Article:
When spring came around, the garden centre asked Oudolf to stay on. He bought books about plants and started buying his own specimens. “It became a healthy obsession,” he reminisces. “I wanted to know more; I wanted to go back to school. I collected, I travelled a lot – suddenly everything was about plants.”

After five years of study, Oudolf obtained his licence to practice and by 1982, he had started a small design and build consultancy with his wife Anja. “I saw the plants as a medium to express myself and I realised I could do something that other people, who were mostly producing traditional English gardens, weren’t doing at the time. We wanted to make gardens that were more spontaneous.”
Frustrated by the scant availability of the grasses and native perennials that he and Anja liked to use in their designs, the couple moved from their home city of Haarlem to Hummelo in the Dutch province of Gelderland, in the east of the country. Here they bought an old farmhouse with large plot of land and set about growing their own plants for their projects.
“Of course, it turned out a little differently,” remembers Oudolf. “Hummelo is very rural and there were no clients there, but soon the nursery became very well known, because the plants we offered were hard to find. We collected them from nurseries in England and Germany, and became a sort of bridge between the two for gardeners.”
Oudolf’s archives of intricate hand-drawn planting schemes.
At a time when the garden world was small and intimate, and unusual plants were hard to find, their nursery attracted attention from across Europe. Despite the success of their nursery, Oudolf says their first real “breakthough” came in 1991 with the publication of his first book, Dream Plants for the Natural Garden. It led to a series of conference invites where he was able to establish a network with journalists, professors and fellow nursery owners who shared his enthusiasm.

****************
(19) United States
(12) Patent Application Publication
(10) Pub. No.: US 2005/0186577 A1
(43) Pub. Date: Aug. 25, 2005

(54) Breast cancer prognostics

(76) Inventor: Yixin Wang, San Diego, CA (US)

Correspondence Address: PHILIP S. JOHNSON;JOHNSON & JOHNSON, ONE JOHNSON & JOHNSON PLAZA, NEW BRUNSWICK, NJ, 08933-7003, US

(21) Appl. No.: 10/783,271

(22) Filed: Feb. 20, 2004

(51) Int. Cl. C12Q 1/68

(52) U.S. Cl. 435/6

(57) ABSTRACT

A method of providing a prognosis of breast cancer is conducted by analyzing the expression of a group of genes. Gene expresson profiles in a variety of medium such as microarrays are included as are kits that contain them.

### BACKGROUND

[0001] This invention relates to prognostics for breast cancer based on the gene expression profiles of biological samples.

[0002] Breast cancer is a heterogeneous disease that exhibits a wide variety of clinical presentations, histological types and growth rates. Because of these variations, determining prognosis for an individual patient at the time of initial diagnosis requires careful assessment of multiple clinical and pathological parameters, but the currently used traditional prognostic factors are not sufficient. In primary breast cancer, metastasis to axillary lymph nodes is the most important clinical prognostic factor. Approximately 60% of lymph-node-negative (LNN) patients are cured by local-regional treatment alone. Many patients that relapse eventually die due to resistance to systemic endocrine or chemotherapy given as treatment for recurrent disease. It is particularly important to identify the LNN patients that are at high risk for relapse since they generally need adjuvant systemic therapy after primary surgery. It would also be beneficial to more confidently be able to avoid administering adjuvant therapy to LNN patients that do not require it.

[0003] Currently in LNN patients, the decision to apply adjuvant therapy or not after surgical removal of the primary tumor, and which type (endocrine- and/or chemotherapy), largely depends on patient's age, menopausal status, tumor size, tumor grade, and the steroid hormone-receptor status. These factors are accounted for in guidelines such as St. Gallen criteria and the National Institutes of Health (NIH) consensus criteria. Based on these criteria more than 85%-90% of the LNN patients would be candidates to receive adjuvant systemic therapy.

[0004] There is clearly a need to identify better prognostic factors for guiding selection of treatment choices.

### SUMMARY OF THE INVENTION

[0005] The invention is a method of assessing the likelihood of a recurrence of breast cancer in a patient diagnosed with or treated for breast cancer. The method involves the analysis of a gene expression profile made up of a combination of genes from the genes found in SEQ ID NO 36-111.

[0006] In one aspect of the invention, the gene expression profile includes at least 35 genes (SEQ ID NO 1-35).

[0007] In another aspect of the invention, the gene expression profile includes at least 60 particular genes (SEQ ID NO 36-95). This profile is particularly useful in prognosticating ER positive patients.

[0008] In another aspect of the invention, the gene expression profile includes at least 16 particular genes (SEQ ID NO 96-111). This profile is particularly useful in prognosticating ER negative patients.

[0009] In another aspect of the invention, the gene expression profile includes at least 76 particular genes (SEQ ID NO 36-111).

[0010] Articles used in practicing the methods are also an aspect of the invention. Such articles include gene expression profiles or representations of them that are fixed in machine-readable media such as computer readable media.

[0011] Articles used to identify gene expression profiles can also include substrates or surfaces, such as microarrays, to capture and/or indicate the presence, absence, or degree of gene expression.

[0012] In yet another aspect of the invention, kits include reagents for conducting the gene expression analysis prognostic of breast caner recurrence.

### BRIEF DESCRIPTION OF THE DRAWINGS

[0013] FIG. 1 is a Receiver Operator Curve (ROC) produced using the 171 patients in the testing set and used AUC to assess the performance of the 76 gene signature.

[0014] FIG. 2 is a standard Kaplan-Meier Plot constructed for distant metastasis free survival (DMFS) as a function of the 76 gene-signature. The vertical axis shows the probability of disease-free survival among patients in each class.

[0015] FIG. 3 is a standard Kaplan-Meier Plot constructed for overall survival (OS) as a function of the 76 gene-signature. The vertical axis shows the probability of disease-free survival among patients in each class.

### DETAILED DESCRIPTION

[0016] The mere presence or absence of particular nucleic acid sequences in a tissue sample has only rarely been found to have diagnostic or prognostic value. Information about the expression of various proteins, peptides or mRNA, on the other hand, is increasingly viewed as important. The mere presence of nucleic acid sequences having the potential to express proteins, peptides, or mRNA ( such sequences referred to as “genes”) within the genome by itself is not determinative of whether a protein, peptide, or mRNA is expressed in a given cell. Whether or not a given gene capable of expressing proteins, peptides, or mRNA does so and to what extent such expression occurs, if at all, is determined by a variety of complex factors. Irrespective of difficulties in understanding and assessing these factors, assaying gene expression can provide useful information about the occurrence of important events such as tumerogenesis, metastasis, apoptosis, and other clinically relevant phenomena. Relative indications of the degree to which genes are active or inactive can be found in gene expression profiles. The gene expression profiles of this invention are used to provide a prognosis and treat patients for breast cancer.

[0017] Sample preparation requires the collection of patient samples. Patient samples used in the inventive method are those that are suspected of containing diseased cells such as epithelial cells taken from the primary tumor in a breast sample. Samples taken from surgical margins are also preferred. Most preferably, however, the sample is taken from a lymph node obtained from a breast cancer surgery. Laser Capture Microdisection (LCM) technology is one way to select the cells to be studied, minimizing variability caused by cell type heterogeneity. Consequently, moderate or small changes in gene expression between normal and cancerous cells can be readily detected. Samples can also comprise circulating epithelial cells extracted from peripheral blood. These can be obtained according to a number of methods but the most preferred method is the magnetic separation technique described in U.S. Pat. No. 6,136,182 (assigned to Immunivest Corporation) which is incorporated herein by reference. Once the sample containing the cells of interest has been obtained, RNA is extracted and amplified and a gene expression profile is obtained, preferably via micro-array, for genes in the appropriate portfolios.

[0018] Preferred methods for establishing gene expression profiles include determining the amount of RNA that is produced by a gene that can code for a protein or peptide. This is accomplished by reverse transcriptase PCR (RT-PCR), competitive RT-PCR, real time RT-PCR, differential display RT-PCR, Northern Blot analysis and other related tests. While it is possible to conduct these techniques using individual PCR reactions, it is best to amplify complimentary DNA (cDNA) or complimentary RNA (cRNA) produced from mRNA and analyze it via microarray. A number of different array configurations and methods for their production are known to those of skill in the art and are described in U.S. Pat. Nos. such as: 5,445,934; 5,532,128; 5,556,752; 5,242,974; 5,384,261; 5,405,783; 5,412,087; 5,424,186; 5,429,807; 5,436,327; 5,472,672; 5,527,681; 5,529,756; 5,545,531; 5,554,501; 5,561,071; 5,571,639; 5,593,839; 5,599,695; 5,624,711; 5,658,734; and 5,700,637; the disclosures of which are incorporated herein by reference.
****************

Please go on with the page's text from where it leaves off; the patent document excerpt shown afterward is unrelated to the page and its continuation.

Oudolf’s first commission in England came from his friend, John Coke – the owner of Bury Court, a former hop farm turned plant nursery, near Farnham in Surrey. Coke has since said that he felt that by hiring him, he was taking a huge gamble, as Oudolf was not yet known as a designer – but happily it paid off. On the old concrete farmyard, Oudolf created a contemporary walled garden filled with bold drifts of hardy herbaceous perennials and ornamental grasses. At the time, the style was deemed radical by the English gardening world. 
Oudolf stands in a part of the “wild, naturalistic gardens” he has created in Hummelo, during the winter cut-back of the perennials.
“It is strange, looking back, that it was England – which was very conservative when it came to gardening – that was one of the first countries to invite me to do something.” He smiles. “It was the younger generation that started to pick it up quickly. I think it was part of the zeitgeist in the ’80s and ’90s – at that time you could really feel it was a movement.”
“That was the turning point,” he continues. “It took 10 years for me to become aware of what I was doing. You start with an idea that you want to make gardens more spontaneous; that you didn’t want to be changing your garden all the time; that you didn’t want to replace plants through the seasons, which is what most gardeners do. We wanted to make gardens that could stay and change by themselves. But it was an idea that grew slowly.”
This is an extract from issue 22 of Port, which hits newsstands on 19th April. To subscribe or pre-order, click here.
Photography Berber Theunissen